The best of times! Up bright and early to open presents under the tree my Dad cut from the back of the house.
Wear the elastic pants! Our holiday suppers are always the same ~ Easter, Thanksgiving, Christmas Day and New Year’s Day. I cook the same supper too, but Mom’s always tastes better. Now to give the chef the credit, Dad did the cooking this year!
Collins Christmas Supper
- Potatoes, Carrots, Turnips, Cabbage
- Salt Beef
- Peas Pudding
- Plain Pudding (aka Bread Pudding)
Speaking of the gravy, what is going on with stuff being discontinued? Gravy Browning and Bread & Roll Mix are prime examples. Did anyone stockpile Crosse & Blackwell Gravy Browning? I only have less than 1/2 bottle left.
Boxing Day Breakfast & Supper
Take all your Christmas supper leftovers and fry it up for breakfast and make a pot of turkey soup for supper.
Jigg’s Dinner is what Newfoundland is famous for. This is what we have for Sunday dinner. Mom always had chicken/turkey and gravy with our Sunday dinners.
- Salt Beef
- Peas Pudding
- Pot Liquor
Blueberry Duff & Figgy Duff
After all that, what do we eat for dessert? There’s a couple choices for a steamed pudding also done in the pudding bags.
Blueberry Duff or Figgy Duff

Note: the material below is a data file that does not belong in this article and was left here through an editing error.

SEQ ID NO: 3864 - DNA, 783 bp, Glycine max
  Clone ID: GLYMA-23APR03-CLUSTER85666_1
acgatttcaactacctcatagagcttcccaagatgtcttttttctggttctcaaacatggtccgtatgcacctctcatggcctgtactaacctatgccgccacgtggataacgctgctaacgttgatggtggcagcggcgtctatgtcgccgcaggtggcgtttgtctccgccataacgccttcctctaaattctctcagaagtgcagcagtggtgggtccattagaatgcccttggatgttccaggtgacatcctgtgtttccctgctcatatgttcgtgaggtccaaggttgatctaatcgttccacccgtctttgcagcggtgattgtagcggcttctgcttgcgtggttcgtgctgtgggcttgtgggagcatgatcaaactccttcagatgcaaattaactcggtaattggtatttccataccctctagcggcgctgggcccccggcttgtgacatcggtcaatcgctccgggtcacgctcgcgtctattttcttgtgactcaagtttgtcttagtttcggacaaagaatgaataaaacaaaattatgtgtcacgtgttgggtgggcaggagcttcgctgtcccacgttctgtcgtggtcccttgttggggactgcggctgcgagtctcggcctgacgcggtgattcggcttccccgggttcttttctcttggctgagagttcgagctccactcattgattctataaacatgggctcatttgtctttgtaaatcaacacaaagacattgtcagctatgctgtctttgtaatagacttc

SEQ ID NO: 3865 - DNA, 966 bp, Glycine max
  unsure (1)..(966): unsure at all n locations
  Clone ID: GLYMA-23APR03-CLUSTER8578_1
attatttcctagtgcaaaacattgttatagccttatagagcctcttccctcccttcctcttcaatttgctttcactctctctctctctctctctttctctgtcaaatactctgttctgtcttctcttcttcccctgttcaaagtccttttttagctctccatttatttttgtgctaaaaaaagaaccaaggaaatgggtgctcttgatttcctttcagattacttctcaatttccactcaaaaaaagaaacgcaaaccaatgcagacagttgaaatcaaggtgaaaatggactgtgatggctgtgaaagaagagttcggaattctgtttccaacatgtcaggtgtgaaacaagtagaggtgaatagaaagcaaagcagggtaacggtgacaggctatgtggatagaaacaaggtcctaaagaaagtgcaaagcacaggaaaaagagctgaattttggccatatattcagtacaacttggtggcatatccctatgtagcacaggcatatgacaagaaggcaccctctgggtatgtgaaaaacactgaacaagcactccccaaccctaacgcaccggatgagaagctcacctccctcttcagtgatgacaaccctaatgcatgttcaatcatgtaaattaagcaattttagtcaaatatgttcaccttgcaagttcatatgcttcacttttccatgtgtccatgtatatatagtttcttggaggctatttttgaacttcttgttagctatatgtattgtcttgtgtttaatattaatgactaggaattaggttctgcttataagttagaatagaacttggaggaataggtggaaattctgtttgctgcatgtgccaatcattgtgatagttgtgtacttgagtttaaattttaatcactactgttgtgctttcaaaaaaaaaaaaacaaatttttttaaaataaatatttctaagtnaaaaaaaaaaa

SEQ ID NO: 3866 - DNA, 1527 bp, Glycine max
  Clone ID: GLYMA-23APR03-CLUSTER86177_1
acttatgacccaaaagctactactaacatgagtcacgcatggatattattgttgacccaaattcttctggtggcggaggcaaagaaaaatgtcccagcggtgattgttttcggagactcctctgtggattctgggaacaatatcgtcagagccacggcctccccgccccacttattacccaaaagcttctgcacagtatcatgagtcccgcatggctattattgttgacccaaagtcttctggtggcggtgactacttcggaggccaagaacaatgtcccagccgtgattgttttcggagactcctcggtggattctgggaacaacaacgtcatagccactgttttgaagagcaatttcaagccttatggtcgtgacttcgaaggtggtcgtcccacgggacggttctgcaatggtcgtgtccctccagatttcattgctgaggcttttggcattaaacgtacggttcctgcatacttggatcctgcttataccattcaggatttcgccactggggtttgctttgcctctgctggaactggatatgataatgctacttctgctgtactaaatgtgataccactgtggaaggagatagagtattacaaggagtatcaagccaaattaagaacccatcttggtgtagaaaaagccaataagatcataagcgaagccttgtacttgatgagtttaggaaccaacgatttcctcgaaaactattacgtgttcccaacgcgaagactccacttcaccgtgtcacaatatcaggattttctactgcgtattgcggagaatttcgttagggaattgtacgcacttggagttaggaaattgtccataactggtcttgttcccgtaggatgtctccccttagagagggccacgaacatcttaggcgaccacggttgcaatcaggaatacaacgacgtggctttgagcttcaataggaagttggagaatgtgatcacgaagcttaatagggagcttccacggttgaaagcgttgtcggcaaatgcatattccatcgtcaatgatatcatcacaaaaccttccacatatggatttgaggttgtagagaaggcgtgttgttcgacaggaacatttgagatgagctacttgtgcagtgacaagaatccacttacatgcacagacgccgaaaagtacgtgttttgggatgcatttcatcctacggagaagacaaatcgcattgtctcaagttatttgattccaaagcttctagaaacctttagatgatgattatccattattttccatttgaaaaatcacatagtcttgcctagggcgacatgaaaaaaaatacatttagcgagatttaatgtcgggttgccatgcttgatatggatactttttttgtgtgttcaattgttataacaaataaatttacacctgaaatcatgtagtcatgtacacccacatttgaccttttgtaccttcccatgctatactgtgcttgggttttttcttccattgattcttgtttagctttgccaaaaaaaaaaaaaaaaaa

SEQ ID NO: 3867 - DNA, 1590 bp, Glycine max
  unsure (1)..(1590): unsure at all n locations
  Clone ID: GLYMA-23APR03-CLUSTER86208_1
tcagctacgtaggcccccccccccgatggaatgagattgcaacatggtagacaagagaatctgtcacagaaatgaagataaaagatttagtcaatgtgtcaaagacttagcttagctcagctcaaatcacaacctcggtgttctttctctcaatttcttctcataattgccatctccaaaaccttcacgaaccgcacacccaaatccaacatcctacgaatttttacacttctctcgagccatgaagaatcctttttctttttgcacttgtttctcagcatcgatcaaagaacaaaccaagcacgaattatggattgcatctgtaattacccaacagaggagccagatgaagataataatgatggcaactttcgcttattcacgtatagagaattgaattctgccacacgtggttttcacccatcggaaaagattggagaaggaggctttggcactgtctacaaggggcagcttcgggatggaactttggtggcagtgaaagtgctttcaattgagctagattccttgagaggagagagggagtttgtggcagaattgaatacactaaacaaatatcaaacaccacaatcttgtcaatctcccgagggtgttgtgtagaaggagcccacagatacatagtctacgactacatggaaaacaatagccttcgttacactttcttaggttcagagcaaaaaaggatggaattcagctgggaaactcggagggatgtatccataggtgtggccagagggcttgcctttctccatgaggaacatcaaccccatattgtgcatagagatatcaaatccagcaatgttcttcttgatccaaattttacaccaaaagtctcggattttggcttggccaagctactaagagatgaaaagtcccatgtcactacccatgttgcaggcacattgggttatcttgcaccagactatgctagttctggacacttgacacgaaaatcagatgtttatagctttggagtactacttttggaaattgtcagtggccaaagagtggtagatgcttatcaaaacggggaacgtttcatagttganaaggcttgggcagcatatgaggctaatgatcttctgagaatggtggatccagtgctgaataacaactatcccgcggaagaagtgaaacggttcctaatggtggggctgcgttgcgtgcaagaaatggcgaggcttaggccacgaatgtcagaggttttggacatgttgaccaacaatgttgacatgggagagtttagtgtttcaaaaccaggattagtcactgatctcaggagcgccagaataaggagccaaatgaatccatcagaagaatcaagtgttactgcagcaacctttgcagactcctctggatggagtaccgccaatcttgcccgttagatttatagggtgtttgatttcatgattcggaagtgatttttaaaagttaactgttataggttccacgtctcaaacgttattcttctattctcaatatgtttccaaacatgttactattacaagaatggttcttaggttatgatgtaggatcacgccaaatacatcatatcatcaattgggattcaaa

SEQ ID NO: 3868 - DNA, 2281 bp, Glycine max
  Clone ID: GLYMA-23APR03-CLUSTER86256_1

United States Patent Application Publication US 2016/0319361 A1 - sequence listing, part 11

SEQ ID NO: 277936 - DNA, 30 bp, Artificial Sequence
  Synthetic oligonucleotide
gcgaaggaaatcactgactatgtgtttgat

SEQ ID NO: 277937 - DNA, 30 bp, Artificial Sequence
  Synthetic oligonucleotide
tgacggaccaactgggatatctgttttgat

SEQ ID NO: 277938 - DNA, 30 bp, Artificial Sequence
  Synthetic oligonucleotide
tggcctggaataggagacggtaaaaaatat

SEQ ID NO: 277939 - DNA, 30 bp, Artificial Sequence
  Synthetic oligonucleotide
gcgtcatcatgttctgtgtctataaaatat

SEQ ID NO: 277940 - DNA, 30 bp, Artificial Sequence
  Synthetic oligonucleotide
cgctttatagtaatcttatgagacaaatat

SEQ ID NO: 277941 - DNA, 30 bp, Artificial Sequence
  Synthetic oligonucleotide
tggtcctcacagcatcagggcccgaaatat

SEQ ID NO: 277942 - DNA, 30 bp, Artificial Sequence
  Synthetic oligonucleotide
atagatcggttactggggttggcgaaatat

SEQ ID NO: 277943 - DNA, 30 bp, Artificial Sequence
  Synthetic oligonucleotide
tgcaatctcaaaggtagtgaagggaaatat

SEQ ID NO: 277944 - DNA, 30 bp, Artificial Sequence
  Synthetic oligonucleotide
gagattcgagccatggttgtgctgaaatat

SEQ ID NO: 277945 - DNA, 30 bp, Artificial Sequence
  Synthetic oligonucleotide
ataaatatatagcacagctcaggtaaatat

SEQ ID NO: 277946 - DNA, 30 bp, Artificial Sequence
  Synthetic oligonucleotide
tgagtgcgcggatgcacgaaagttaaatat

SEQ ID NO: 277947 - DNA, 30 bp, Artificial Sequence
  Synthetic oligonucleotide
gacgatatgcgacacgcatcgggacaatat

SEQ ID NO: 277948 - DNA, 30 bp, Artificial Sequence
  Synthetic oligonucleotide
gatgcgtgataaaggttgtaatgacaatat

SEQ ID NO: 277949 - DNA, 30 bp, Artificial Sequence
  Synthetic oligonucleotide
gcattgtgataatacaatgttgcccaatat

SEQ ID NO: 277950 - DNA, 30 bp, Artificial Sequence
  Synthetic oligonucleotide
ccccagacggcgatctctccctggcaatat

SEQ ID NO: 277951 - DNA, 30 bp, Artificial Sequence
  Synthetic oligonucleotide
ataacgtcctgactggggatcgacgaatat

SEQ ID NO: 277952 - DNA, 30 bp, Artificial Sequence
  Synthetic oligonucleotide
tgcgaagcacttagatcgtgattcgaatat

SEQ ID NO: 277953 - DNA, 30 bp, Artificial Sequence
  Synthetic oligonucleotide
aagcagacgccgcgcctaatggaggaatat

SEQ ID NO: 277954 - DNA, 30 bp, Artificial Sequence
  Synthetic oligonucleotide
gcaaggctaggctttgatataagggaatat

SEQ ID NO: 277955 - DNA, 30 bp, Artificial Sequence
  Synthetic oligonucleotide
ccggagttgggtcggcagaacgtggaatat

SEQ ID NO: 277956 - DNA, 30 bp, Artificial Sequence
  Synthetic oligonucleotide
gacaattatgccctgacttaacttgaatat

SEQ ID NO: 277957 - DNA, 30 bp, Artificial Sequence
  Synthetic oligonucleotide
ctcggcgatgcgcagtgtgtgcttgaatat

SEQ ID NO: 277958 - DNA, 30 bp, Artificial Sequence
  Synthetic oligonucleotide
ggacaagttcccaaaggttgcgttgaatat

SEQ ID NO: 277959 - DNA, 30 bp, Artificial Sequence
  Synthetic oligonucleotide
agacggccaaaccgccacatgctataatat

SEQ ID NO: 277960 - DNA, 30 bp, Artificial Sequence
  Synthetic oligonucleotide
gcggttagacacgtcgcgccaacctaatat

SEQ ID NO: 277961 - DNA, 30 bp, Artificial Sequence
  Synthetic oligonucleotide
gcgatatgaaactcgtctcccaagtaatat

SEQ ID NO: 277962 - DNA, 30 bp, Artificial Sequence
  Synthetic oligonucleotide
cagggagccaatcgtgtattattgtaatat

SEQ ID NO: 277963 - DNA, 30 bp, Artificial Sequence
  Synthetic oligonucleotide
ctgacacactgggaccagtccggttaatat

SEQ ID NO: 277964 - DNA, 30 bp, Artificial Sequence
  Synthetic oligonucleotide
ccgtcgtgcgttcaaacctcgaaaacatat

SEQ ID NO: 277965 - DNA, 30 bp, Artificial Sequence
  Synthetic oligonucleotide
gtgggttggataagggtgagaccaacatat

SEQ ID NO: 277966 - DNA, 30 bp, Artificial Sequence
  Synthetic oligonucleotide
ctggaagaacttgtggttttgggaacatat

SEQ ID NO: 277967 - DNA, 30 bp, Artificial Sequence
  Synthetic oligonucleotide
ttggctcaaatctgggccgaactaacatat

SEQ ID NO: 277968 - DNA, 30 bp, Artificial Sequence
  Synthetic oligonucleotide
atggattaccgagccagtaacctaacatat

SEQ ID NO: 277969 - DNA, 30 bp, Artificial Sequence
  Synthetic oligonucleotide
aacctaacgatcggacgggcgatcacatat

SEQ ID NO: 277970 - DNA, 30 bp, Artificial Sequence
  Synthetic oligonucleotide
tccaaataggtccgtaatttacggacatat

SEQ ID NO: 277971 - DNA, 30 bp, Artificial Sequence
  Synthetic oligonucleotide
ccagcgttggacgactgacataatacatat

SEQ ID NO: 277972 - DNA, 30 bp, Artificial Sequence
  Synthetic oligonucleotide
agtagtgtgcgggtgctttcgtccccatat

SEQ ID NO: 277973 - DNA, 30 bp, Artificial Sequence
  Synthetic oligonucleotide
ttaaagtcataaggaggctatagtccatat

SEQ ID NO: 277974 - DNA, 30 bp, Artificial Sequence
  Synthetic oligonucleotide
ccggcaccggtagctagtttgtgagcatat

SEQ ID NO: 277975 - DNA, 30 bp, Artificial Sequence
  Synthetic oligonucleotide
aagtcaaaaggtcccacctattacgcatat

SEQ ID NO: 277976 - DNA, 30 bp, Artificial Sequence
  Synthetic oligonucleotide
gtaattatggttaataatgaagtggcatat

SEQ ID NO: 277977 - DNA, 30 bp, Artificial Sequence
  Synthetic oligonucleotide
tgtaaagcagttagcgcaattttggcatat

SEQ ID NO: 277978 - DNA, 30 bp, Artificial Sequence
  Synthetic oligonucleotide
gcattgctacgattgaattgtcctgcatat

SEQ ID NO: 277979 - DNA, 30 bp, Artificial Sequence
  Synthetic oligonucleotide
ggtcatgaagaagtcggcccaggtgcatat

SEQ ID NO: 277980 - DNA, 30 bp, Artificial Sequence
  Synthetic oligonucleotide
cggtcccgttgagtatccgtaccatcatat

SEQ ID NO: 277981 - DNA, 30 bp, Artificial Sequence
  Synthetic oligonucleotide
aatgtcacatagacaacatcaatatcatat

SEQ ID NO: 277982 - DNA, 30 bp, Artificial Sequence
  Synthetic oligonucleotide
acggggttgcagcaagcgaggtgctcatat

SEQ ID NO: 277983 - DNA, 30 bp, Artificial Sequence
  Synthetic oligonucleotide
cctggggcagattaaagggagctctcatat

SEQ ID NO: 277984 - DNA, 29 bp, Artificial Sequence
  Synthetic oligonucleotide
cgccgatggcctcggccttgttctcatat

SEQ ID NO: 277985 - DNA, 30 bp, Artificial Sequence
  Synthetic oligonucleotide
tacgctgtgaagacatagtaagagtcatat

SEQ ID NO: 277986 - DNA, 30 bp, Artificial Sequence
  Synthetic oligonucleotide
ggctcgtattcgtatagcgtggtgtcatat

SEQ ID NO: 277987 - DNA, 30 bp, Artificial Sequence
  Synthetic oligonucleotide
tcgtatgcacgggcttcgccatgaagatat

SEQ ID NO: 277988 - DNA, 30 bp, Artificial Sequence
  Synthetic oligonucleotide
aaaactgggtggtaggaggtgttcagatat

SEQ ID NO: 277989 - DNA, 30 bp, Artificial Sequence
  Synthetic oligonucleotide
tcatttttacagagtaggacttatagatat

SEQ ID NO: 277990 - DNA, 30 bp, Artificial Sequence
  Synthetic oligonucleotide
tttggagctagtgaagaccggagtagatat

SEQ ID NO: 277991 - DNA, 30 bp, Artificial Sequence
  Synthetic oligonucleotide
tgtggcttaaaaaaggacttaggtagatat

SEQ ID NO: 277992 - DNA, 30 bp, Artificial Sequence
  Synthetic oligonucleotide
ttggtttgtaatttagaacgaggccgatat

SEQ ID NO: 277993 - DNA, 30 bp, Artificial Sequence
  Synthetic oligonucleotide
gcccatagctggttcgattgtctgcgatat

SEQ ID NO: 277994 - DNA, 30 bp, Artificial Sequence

- 2 1/2 cups flour
- 3/4 cup sugar
- 2 tsp baking powder
- 1/3 cup melted butter
- 3/4 cup milk
- 1 tsp vanilla extract
- 1 1/2 cup blueberries (Blueberry Duff)
- 1 1/2 cup raisins (Figgy Duff)
- Mix it all up, put in the pudding bag, and boil for a couple hours
Dress up as weird as possible, wear your underwear outside of your clothes, disguise yourself with something like a lace tablecloth or cardbox box over year head, and go out and start knocking on doors asking if any mummers are allowed in. Go in, have a drink, and move on to the next house. Stay in disguise until somebody identifies you. Fun!!
The “Ugly Stick” is a musical instrument made out of a mop, beer bottle caps, bells, cans, and anything else that makes some noise. Put a rubber boot on the end of the mop and you have yourself an ugly stick that sounds like a drum.
Traditionally, mummering takes place during the 12 days of Christmas (between Christmas Day and Old Christmas Day). Old Christmas Day is January 6 and I hear the reference to Old Christmas Day every year. Mom does not take her Christmas tree down until Old Christmas Day.
Toutons (aka Tiffins) is fried bread dough and a tradional Newfoundland favourite. It is delicious. We went into Gander one day (about an hour’s drive) and our first stop was Rosie’s. Located in Gander, Rosie’s Restaurant & Bakery is a must-do for me. I always have toutons with molasses. Mom and I both ordered toutons and the waitress came back to the table and said there was only one order left. Mom ordered something else and was letting me have the touton order. Then the waitress came back and told me the one order was already taken by a take-out order. I didn’t get toutons that day. I have never been so disappointed.